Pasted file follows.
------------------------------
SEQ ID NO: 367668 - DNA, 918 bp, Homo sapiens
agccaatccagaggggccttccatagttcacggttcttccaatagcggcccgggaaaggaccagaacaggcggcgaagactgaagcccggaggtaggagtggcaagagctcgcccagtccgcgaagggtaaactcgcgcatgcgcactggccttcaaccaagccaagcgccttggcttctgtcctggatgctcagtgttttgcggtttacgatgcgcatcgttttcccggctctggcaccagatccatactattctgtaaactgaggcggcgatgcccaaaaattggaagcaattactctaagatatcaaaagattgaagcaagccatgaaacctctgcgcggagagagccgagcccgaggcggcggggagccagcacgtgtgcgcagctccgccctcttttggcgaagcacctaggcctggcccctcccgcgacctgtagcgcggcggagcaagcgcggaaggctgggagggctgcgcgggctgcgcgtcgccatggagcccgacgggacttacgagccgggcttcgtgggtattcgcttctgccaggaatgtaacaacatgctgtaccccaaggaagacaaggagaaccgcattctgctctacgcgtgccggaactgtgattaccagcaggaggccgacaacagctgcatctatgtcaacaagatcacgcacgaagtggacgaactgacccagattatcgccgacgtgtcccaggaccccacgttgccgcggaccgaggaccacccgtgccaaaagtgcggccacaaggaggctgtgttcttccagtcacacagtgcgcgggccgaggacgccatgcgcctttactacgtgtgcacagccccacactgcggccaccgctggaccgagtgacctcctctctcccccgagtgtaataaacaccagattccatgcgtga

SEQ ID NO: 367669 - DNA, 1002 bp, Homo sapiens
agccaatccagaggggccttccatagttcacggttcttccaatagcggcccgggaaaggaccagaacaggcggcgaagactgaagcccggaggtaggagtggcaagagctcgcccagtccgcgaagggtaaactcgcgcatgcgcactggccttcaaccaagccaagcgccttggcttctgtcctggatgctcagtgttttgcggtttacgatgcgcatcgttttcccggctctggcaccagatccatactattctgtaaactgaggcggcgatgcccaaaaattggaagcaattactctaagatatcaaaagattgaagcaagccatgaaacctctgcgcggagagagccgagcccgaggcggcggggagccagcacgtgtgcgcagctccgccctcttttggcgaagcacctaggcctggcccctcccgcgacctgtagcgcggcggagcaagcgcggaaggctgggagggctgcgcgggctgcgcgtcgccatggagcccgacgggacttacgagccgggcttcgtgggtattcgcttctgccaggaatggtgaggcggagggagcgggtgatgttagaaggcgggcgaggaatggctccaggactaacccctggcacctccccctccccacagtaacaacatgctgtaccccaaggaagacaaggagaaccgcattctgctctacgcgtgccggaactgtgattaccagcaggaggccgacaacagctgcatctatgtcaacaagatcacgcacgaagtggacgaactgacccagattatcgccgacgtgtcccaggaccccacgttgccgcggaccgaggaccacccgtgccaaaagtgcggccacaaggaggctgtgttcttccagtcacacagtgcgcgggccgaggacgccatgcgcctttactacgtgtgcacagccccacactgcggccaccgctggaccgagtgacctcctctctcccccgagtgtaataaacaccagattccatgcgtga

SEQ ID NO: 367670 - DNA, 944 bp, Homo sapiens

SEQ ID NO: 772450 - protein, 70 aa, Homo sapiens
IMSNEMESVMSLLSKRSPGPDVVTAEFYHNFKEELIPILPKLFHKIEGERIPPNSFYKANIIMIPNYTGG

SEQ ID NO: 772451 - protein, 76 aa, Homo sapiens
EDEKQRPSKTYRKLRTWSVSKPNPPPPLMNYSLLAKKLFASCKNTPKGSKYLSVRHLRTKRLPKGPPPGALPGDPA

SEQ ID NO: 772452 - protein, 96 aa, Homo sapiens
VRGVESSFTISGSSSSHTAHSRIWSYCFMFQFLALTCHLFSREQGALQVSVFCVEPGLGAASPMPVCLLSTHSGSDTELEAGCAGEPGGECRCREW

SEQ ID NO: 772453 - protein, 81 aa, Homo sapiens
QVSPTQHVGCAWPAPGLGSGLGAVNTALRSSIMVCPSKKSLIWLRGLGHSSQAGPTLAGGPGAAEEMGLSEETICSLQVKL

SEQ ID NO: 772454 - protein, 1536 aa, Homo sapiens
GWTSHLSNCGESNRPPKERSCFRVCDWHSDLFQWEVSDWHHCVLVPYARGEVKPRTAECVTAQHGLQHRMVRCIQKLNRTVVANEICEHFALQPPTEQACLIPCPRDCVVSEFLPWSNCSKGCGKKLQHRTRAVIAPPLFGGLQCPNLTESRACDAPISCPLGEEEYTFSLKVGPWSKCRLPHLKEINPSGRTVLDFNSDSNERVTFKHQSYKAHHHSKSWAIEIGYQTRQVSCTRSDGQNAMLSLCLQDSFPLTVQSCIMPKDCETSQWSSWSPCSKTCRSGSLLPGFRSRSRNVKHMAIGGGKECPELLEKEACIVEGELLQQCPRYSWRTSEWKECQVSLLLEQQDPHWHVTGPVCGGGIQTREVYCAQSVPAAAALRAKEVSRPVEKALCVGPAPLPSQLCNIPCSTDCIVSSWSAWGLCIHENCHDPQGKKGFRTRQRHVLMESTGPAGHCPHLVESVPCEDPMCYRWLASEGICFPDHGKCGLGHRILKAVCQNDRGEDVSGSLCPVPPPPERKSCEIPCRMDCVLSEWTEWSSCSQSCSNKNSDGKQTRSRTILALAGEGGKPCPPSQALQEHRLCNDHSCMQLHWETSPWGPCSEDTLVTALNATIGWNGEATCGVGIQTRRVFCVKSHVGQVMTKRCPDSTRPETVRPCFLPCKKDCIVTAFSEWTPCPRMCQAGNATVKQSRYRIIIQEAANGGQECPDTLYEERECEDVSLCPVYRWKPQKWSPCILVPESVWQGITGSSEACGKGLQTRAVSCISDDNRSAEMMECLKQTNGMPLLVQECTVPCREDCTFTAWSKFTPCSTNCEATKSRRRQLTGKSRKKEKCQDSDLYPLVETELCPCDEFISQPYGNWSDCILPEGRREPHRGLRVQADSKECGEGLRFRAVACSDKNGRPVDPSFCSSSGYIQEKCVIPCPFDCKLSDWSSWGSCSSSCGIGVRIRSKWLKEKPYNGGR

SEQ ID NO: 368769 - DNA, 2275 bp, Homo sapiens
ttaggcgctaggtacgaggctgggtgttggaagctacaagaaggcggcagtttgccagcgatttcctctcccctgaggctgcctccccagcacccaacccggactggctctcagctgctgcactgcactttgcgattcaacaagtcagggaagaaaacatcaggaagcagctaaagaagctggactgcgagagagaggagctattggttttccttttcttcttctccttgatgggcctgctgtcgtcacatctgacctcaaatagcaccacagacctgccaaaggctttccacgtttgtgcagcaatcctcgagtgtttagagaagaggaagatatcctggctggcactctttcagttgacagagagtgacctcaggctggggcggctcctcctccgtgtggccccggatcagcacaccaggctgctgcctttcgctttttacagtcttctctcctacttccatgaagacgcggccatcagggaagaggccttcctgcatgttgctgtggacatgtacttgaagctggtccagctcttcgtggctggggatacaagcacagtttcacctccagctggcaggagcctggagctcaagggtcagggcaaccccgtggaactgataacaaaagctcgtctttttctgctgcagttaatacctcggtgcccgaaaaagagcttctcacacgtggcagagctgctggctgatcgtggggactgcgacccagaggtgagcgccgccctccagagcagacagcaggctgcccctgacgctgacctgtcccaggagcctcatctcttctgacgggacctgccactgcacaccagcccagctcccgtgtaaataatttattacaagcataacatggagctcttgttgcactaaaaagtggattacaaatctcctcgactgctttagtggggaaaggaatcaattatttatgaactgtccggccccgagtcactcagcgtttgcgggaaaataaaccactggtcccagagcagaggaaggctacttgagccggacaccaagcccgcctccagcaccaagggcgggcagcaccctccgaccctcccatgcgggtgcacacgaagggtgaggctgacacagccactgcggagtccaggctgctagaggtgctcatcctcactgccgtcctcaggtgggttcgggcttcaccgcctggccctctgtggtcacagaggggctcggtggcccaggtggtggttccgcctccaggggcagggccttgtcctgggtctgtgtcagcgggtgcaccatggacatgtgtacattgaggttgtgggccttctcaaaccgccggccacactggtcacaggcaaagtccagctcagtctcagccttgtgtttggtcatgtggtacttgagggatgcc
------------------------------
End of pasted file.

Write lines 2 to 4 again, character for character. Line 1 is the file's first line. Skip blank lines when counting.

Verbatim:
agccaatccagaggggccttccatagttcacggttcttccaatagcggcccgggaaaggaccagaacaggcggcgaagactgaagcccggaggtaggagtggcaagagctcgcccagtccgcgaagggtaaactcgcgcatgcgcactggccttcaaccaagccaagcgccttggcttctgtcctggatgctcagtgttttgcggtttacgatgcgcatcgttttcccggctctggcaccagatccatactattctgtaaactgaggcggcgatgcccaaaaattggaagcaattactctaagatatcaaaagattgaagcaagccatgaaacctctgcgcggagagagccgagcccgaggcggcggggagccagcacgtgtgcgcagctccgccctcttttggcgaagcacctaggcctggcccctcccgcgacctgtagcgcggcggagcaagcgcggaaggctgggagggctgcgcgggctgcgcgtcgccatggagcccgacgggacttacgagccgggcttcgtgggtattcgcttctgccaggaatgtaacaacatgctgtaccccaaggaagacaaggagaaccgcattctgctctacgcgtgccggaactgtgattaccagcaggaggccgacaacagctgcatctatgtcaacaagatcacgcacgaagtggacgaactgacccagattatcgccgacgtgtcccaggaccccacgttgccgcggaccgaggaccacccgtgccaaaagtgcggccacaaggaggctgtgttcttccagtcacacagtgcgcgggccgaggacgccatgcgcctttactacgtgtgcacagccccacactgcggccaccgctggaccgagtgacctcctctctcccccgagtgtaataaacaccagattccatgcgtga

SEQ ID NO: 367669 - DNA, 1002 bp, Homo sapiens
agccaatccagaggggccttccatagttcacggttcttccaatagcggcccgggaaaggaccagaacaggcggcgaagactgaagcccggaggtaggagtggcaagagctcgcccagtccgcgaagggtaaactcgcgcatgcgcactggccttcaaccaagccaagcgccttggcttctgtcctggatgctcagtgttttgcggtttacgatgcgcatcgttttcccggctctggcaccagatccatactattctgtaaactgaggcggcgatgcccaaaaattggaagcaattactctaagatatcaaaagattgaagcaagccatgaaacctctgcgcggagagagccgagcccgaggcggcggggagccagcacgtgtgcgcagctccgccctcttttggcgaagcacctaggcctggcccctcccgcgacctgtagcgcggcggagcaagcgcggaaggctgggagggctgcgcgggctgcgcgtcgccatggagcccgacgggacttacgagccgggcttcgtgggtattcgcttctgccaggaatggtgaggcggagggagcgggtgatgttagaaggcgggcgaggaatggctccaggactaacccctggcacctccccctccccacagtaacaacatgctgtaccccaaggaagacaaggagaaccgcattctgctctacgcgtgccggaactgtgattaccagcaggaggccgacaacagctgcatctatgtcaacaagatcacgcacgaagtggacgaactgacccagattatcgccgacgtgtcccaggaccccacgttgccgcggaccgaggaccacccgtgccaaaagtgcggccacaaggaggctgtgttcttccagtcacacagtgcgcgggccgaggacgccatgcgcctttactacgtgtgcacagccccacactgcggccaccgctggaccgagtgacctcctctctcccccgagtgtaataaacaccagattccatgcgtga